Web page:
Frederique van Andel holds a Master’s degree in both urban planning and architecture from Delft University of Technology. She worked for Mecanoo architecten and DP6 architectuurstudio in Delft, and lived in Barcelona where she worked with architect Toni Gironès. Since 2006, Frederique is a researcher and lecturer in the Global Housing research group of the Faculty of Architecture and the Built Environment of TU Delft. Her main topic of interest is affordable housing for growing cities in the Global South. Frederique curated the exhibition ‘Global Housing – Affordable Dwellings for Growing Cities’ (2016) with venues in Delft and Addis Ababa. She is editor of the book series DASH (Delft Architectural Studies on Housing) and coordinates and edits the online Platform for Affordable Dwelling (PAD). Frederique teaches Master courses on Global Housing Design and Bachelor courses on Plan Analysis. She is project manager for the research project ‘Addis Ababa Living Lab: Creating Resilient Dwelling Clusters for Urban Resettlement in Addis Ababa, Ethiopia’, funded by the Dutch Research Council and TU Delft (2019-2023).

Dick van Gameren, TU Delft, Architecture and the Built Environment

Dick van Gameren is dean and full professor at the Faculty of Architecture and the Built Environment of Delft University of Technology, and partner at Mecanoo architecten in Delft, the Netherlands. Combining his work as an architect with a professorship, Van Gameren maintains a critical approach to design by lecturing, researching and publishing. In 2007, Van Gameren won the prestigious Aga Kahn Award for the design of the Dutch Embassy in Ethiopia. In 2008, Van Gameren founded the book series DASH (Delft Architectural Studies on Housing) and is since then editor in chief. At TU Delft. He leads the Global Housing Study Centre and is also board member of the Archiprix foundation, of the Jaap Bakema Study Centre in Rotterdam and of the Amsterdam based AMS Institute. He is also a member of the TU Delft Global Initiative Steering Committee.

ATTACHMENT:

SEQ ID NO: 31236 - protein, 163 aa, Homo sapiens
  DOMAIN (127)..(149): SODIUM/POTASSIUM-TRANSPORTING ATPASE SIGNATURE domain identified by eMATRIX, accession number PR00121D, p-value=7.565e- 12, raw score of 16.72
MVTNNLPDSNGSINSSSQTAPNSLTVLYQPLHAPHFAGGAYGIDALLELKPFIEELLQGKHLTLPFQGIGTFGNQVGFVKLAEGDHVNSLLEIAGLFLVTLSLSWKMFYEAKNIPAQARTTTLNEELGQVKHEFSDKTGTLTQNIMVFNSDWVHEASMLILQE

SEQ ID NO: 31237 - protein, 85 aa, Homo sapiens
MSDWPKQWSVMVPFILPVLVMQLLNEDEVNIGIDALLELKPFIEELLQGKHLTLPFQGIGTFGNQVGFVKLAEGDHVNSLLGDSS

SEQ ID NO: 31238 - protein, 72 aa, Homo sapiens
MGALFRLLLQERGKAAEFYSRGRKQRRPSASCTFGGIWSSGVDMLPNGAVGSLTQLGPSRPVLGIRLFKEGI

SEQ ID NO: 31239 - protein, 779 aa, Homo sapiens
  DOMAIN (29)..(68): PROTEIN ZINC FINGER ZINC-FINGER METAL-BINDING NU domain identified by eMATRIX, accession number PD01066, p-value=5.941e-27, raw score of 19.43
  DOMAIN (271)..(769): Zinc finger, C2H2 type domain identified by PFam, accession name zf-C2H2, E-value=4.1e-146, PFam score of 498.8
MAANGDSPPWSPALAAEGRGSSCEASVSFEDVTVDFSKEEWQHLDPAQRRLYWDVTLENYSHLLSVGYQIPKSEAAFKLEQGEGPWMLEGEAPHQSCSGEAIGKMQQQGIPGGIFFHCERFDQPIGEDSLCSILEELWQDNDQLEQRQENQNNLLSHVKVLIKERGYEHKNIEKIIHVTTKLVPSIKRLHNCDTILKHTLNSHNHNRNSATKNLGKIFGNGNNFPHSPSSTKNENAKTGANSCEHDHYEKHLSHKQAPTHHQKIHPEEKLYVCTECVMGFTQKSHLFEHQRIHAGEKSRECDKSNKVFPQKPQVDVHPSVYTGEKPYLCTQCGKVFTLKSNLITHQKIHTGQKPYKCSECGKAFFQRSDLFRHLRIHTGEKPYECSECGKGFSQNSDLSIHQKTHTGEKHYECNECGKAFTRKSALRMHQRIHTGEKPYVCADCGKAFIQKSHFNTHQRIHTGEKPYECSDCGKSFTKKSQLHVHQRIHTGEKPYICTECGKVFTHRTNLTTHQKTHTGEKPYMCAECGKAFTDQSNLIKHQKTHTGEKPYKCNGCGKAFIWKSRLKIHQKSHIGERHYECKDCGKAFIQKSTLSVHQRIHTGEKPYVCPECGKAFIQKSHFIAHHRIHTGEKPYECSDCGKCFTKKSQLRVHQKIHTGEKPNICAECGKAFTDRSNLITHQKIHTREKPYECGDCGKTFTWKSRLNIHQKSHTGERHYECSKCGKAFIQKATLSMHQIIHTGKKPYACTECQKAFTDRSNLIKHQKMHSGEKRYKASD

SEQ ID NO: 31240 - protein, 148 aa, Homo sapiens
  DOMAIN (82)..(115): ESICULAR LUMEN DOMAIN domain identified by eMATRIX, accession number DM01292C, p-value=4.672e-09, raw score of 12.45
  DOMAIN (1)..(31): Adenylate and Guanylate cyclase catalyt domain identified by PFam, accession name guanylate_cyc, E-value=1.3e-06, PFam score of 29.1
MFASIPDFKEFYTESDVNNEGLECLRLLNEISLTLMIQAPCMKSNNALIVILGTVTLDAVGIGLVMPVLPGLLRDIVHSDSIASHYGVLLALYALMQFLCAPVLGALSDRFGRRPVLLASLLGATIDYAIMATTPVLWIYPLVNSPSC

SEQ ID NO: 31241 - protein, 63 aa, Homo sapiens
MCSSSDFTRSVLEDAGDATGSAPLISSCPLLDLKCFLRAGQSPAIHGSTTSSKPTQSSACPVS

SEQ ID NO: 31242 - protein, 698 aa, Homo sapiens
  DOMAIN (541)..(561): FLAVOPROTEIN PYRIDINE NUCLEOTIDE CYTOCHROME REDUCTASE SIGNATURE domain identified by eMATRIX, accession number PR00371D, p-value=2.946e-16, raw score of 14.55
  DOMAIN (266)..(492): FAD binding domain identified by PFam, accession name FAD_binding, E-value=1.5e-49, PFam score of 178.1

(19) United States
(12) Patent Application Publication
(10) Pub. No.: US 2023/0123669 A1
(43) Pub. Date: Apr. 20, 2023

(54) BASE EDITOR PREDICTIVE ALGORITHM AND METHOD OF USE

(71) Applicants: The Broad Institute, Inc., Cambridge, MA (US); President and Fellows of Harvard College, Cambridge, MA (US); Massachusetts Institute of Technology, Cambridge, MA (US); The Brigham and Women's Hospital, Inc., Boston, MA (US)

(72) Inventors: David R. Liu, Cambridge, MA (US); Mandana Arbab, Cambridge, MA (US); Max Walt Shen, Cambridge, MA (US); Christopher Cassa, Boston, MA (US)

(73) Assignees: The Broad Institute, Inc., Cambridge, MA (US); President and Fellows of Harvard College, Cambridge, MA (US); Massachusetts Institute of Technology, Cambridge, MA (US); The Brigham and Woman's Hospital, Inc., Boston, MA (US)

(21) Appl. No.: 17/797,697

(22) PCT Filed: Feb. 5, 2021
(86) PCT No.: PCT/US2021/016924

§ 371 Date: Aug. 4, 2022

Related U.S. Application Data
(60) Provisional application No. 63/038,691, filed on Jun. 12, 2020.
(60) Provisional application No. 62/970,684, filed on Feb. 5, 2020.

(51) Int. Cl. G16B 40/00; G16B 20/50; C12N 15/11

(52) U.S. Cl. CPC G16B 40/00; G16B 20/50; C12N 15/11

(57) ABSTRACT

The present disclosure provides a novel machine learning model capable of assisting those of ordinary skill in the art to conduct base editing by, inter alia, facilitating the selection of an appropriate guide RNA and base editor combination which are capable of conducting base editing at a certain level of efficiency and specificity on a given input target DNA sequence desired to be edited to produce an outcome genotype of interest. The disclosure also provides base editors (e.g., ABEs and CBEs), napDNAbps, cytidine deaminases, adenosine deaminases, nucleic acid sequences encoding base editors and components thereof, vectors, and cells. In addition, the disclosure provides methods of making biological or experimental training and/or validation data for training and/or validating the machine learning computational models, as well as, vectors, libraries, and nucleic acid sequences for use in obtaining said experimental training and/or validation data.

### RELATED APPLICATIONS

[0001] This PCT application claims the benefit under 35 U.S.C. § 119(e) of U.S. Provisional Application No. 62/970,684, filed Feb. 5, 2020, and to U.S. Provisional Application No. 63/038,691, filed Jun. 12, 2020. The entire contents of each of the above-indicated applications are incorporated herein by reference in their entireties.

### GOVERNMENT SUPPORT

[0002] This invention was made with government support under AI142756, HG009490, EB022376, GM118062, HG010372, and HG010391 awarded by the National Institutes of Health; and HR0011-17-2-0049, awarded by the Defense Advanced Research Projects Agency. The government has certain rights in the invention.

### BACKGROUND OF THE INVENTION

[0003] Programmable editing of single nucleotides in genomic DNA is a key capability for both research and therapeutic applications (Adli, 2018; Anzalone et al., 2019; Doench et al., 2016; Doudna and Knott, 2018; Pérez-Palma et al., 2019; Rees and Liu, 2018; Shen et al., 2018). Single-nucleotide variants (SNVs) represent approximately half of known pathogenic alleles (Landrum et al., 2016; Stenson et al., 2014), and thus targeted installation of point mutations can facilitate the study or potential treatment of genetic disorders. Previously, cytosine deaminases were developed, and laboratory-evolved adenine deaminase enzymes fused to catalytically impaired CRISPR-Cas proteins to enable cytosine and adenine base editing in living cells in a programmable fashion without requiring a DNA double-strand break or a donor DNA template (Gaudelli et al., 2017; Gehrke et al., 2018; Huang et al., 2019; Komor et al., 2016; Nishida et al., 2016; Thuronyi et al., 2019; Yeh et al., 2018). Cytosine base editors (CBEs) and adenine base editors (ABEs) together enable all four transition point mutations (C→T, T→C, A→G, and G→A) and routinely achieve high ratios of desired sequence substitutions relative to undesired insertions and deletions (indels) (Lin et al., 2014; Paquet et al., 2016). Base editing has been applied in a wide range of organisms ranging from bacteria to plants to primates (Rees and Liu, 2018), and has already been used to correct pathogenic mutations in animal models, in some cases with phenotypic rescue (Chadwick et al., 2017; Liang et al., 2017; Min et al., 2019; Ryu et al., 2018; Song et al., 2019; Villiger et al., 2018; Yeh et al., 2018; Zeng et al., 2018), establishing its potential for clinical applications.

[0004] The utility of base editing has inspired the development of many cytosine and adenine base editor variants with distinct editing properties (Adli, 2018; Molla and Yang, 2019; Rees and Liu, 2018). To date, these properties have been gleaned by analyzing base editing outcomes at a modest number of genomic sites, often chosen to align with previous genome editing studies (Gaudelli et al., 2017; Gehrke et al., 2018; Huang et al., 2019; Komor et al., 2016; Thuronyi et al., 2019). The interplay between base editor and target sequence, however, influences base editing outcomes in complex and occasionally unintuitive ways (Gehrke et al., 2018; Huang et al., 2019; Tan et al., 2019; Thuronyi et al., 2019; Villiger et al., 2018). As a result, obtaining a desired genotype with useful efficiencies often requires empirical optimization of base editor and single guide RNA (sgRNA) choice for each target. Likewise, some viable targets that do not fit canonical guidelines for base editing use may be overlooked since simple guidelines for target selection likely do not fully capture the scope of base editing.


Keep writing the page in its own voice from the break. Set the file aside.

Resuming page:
Dirk van den Heuvel, TU Delft, Architecture and the Built Environment

Dirk van den Heuvel is an associate professor at the Faculty of Architecture and the Built Environment, Delft University of Technology. He also heads the Jaap Bakema Study Centre at Het Nieuwe Instituut in Rotterdam. Books he (co-)authored include Jaap Bakema and the Open Society (2018), Team 10: In Search of a Utopia of the Present 1953-1981 (2005) and Architecture and the Welfare State (2014). He is a member of the editorial board of the online journal for architecture theory Footprint, and he was an editor of the journal OASE (1993-1999). Van den Heuvel was curator of the Dutch national pavilion for the Venice architecture biennale in 2014. In 2017 he received a Richard Rogers Fellowship from the Harvard University Graduate School of Design.

Piet Vollaard, TU Delft, Architecture and the Built Environment

Piet Vollaard is the director of ArchiNed, an architect, a teacher at various Academies for Architecture and Delft University of Technology, and the author of, among others, Herman Haan, architect and the Guide to Modern Architecture in the Netherlands.